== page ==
GAZA, DEC. 15 -- "Young people, go at them!" urged the amplified voice from the tower of the mosque across the street from this city's main hospital.
"Don't be afraid!" the voice shouted in Arabic as scores of Palestinian youths hurled rocks and molotov cocktails at armed Israeli troops on the streets below. "Don't back down!"
Mahmoud Sakhli, 22, and Ibrahim Daqar, 23, followed that advice to their deaths today, becoming two of at least four fatalities here during the bloodiest day yet in a week-long violence that a ranking United Nations official said has become "a popular uprising" in the Israeli-occupied Gaza Strip.
The two were among the casualties when Israeli forces fired on demonstrators who had taken shelter in the courtyard of Shifa Hospital. The military command confirmed that a fifth Gazan died in an Israeli hospital today of wounds incurred in an earlier clash, bringing the death toll in the Israeli-occupied territories since the trouble began last Wednesday to at least 13, nine of them in Gaza.
U.N. and hospital sources said that about 200 Palestinians had been wounded by Israeli army gunfire during the last week, including at least 11 today.
Western journalists raced up and down the 28-mile length of this overcrowded strip of Mediterranean seacoast trying to keep up with each new, violent flare-up. They found an almost desperate sense of rage among its 650,000 Palestinian occupants. They have lived under occupation since the Israelis conquered the Gaza Strip and the West Bank of the Jordan River in the 1967 Six-Day War.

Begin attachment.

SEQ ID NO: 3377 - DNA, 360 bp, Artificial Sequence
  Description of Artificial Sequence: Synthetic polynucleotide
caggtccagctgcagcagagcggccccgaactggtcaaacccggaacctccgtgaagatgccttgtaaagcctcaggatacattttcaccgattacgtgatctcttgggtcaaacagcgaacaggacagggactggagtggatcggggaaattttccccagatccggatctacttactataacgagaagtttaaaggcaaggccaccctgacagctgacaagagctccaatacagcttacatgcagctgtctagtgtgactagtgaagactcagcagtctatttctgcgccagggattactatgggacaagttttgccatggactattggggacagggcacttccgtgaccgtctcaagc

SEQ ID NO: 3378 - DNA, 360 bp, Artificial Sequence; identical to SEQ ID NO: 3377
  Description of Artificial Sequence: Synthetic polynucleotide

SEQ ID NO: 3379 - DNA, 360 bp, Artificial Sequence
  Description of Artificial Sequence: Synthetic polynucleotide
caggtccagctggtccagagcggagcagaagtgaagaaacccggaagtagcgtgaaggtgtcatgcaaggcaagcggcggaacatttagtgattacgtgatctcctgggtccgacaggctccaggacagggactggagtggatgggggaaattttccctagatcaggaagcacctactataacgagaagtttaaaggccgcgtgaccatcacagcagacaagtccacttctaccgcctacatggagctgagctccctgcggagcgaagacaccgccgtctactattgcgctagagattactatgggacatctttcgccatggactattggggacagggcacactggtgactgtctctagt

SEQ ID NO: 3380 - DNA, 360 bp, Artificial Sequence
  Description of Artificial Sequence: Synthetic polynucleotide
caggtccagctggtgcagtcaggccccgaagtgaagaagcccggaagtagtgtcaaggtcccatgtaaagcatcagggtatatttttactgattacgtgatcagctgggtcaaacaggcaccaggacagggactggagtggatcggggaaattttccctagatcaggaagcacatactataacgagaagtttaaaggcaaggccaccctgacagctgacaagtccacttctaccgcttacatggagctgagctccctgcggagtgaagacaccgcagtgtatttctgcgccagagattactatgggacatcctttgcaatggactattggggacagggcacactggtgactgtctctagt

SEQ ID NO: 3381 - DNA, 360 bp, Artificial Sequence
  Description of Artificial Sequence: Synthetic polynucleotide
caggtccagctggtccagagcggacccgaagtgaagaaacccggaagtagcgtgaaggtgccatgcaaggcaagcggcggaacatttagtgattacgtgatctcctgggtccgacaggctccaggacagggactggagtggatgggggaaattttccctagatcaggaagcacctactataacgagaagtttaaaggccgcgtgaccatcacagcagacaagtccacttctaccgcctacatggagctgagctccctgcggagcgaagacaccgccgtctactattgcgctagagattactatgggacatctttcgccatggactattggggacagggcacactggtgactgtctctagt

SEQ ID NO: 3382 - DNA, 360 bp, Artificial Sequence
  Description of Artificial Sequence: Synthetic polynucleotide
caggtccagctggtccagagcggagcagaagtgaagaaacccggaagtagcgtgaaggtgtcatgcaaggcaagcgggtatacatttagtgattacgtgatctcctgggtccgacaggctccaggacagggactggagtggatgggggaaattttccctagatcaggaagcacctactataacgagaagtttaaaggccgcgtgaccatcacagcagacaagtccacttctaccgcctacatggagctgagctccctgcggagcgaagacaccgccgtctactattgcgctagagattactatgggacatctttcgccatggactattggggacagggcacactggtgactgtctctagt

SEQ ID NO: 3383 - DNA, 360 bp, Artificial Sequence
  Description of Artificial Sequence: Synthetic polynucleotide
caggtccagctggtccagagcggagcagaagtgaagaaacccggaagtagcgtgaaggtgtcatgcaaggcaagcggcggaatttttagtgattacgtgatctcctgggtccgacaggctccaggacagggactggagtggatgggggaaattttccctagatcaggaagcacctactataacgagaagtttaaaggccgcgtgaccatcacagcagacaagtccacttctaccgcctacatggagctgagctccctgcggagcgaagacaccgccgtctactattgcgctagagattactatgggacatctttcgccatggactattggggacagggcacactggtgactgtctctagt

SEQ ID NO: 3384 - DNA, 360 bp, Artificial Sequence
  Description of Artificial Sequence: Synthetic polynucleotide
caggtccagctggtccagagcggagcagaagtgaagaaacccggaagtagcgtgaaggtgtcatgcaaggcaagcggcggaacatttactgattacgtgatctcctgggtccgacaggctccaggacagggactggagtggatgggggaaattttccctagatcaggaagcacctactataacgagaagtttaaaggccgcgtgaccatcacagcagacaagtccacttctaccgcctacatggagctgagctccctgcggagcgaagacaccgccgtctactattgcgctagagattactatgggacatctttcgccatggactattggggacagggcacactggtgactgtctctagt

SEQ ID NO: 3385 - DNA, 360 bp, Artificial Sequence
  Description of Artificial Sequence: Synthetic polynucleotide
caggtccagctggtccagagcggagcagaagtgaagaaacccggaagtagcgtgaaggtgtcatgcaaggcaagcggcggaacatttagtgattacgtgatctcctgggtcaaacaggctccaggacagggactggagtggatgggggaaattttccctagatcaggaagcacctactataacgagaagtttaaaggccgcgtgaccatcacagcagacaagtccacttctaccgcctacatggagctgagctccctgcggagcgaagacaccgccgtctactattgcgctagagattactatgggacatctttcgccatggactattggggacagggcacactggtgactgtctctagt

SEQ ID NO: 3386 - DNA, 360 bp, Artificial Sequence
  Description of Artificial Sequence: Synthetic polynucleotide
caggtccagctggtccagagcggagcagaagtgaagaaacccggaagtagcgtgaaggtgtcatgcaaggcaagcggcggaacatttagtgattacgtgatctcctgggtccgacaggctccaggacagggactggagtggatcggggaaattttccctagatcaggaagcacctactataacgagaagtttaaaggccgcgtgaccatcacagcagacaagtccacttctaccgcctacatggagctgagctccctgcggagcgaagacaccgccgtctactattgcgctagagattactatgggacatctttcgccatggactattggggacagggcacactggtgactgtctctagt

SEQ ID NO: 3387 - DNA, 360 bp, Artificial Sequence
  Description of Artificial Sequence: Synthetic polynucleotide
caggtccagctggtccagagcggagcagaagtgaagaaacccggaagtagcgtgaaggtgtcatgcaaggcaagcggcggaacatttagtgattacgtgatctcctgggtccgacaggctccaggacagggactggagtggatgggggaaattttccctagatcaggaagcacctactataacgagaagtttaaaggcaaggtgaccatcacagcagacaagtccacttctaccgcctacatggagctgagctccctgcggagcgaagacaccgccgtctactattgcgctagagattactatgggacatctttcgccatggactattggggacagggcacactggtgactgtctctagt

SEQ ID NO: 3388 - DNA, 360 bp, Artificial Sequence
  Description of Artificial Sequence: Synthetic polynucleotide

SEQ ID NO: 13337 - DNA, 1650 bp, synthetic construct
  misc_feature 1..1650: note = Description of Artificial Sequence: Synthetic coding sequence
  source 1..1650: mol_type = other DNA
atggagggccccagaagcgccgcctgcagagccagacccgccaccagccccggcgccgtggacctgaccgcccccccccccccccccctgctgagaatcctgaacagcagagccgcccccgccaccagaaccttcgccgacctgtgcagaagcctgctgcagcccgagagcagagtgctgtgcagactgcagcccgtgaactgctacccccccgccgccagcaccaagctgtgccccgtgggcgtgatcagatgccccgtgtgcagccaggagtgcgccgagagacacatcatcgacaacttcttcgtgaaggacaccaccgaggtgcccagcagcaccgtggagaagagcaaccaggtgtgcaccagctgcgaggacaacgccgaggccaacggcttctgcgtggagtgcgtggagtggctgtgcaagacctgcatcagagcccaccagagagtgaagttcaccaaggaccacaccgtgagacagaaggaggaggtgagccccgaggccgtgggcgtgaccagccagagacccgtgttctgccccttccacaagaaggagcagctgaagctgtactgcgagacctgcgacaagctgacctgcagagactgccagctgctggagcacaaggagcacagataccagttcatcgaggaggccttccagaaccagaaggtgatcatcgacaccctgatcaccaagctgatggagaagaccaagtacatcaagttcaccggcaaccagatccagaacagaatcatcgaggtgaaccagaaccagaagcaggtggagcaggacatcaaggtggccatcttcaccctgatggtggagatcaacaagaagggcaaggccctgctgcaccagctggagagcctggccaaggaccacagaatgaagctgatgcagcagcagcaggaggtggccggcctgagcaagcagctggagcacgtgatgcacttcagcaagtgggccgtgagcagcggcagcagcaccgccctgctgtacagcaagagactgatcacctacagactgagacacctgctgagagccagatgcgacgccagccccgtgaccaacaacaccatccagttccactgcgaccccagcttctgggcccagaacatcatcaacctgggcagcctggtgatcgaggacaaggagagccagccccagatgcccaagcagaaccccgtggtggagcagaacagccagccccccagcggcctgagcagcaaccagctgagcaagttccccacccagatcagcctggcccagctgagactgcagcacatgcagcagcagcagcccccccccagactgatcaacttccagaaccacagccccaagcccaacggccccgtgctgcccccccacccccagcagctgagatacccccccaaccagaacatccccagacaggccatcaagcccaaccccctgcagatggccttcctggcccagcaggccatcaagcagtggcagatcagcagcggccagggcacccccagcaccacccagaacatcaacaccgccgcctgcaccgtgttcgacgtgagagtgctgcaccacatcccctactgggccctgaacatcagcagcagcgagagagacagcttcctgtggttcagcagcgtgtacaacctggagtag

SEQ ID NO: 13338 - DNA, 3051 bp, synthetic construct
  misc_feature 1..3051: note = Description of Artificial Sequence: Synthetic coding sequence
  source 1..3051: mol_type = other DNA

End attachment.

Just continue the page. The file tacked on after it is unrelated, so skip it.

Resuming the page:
"Come and kill us or get out!" angry youths shouted at the equally youthful Israeli troops who faced them in the streets outside Gaza's Shifa Hospital.
On the wall surrounding the Bureij refugee camp a few miles south of Gaza somebody had scrawled in red paint: "We will die standing, but we will not kneel."
The Gazans are increasingly angry not just at Israel, but at those whom they see as Israel's allies against the Palestinian cause.
"Look! Look!" 16-year-old Ayman Ali shouted as he thrust a spent tear-gas canister at an American reporter in Nuseirat Camp after helmeted army troops dispersed demonstrators there. "Made in USA," he read.
A Palestinian at Shifa Hospital warned three American reporters who went inside just before the fatal Israeli Army attack against demonstrators that they were entering at their own risk.
"The people are very extremist," the man said in broken English. "All of us think that you, the Americans and the Europeans, have created this problem." At least three foreign journalists were assaulted.
Mills charged that the Army had exacerbated the situation with its harsh tactics. He said U.N. officers had witnessed Palestinian youths being tied to the hoods of Israeli Army jeeps and "used as a shield" as the Israelis advanced against stone-throwers in the camps.
The United Nations, which an Israeli security source said is generally accurate, reported four dead -- the two at Shifa Hospita plus 17-year-old Talal Hwihi, shot in the neck at Beit Hanoun in the northern tip of the Gaza Strip, and Nafez Iqtifar, age unknown, killed at Deir Balah.